By JUDD MATSUNAGA
In California, where trees are plentiful, homes are close to each other, and homeowners often have a disproportionate sense of entitlement, tree disputes are commonplace. Whether the issue is one of: (1) roots lifting driveways; (2) trees dropping debris; or (3) trees blocking views, it is important not to underestimate the complexities of the dispute before you decide to act.
Encroaching branches and roots: You might think that you have the absolute right to cut offending branches and roots that encroach upon your property. Not so. California “tree law” was changed in the case of Booska v. Patel (1994), when a California appellate court held that a neighbor does not have the absolute right to cut encroaching roots and branches so that they end at his or her property line.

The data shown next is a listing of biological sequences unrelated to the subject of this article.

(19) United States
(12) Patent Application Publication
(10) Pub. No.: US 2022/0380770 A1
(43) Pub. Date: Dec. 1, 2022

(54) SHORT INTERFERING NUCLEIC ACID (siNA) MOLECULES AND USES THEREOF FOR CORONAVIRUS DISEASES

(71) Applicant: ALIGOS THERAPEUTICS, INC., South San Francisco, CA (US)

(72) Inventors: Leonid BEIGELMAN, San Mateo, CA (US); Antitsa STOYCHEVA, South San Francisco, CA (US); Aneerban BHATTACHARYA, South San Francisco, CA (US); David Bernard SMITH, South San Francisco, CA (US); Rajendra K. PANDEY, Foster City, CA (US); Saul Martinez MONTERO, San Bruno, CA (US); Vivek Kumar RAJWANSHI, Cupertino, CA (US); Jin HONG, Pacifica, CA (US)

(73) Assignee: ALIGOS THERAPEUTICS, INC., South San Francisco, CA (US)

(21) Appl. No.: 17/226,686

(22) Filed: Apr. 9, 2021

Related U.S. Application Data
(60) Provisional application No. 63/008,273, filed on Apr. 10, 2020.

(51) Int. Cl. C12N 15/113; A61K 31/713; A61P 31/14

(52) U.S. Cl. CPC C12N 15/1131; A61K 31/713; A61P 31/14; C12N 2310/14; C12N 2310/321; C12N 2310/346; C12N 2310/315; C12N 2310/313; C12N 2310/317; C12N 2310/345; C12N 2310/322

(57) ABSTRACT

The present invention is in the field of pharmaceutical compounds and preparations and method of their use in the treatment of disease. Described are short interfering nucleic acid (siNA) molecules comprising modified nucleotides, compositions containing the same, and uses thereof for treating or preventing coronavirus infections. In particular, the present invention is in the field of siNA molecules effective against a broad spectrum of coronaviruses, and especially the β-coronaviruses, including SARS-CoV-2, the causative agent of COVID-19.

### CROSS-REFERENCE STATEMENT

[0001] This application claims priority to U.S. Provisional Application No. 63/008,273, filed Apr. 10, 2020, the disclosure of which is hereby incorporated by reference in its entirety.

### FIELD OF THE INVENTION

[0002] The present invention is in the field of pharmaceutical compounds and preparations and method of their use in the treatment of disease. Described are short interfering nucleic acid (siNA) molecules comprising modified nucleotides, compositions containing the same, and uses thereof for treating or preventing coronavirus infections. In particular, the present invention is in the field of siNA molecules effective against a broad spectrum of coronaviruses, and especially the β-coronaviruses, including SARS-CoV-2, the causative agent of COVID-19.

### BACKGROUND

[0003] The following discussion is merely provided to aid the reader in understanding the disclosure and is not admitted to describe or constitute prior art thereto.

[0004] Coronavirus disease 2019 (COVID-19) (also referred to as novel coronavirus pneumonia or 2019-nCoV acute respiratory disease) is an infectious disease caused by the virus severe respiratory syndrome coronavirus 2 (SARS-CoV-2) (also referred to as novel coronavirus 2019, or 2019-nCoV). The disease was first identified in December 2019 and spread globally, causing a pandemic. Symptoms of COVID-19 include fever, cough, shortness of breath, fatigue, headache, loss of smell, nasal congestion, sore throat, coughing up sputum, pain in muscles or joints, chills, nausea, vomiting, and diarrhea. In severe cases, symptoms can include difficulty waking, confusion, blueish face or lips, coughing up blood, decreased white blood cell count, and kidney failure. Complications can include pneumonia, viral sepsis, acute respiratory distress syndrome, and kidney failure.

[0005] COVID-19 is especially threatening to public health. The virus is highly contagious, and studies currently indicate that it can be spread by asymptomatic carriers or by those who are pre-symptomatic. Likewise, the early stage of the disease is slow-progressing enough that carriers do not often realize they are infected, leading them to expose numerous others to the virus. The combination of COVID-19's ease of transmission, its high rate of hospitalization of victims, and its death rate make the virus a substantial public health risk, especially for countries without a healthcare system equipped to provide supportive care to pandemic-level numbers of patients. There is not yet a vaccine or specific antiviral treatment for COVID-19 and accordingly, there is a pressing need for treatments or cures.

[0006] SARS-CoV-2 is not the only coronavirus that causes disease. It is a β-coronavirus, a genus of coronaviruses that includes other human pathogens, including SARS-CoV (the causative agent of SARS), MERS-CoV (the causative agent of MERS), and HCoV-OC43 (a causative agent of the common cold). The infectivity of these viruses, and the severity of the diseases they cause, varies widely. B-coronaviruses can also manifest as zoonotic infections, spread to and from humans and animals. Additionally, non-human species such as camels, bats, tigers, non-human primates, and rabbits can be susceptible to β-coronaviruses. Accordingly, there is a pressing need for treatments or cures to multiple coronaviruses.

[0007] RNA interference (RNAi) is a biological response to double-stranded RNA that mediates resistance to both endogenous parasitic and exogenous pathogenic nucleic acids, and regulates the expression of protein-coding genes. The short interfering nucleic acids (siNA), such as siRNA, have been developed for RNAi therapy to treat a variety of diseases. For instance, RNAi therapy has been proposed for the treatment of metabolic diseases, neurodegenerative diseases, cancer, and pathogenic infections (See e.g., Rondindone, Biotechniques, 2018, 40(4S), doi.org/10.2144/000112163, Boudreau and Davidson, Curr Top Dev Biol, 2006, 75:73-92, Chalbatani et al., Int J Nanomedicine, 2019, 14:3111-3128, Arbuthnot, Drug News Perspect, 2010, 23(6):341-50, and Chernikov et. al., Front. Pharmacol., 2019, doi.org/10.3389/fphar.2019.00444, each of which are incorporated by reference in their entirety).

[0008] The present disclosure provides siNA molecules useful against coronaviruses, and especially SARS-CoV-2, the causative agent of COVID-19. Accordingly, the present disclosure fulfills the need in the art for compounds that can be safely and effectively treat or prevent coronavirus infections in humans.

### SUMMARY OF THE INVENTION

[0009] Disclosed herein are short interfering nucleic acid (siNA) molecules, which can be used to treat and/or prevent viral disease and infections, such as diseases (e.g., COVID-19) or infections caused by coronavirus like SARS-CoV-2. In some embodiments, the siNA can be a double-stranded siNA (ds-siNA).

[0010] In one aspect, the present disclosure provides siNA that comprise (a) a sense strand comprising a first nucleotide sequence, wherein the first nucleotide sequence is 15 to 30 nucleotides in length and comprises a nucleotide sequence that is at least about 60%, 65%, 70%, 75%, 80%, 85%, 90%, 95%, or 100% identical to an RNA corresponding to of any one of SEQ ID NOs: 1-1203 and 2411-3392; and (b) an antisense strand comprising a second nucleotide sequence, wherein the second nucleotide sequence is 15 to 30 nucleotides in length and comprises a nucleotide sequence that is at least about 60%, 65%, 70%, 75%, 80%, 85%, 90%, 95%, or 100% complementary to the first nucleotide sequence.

In this case, a man named Booska owned a 30- to 40-year-old Monterey pine. The roots of the tree grew into property owned by a man named Patel. Apparently, the roots were cracking Patel’s walkway. Therefore, Patel hired a contractor to excavate along the length of his yard three feet deep. This excavation severed the roots of Booska’s tree.
Booska sued Patel for injuries to the tree, claiming the tree was now unsafe and unable to support life. As a result, the tree owner, Mr. Booska, removed the tree at his own expense. Patel argued that he had an “absolute right” to sever the roots on his property without regard to any injuries inflicted on Booska’s land.
The California appellate court analyzed Patel’s argument and the cases he cited and concluded, “Whatever rights Patel has in the management of his own land, those rights are tempered by his duty to act reasonably.” In other words, the health of a tree must be taken into account.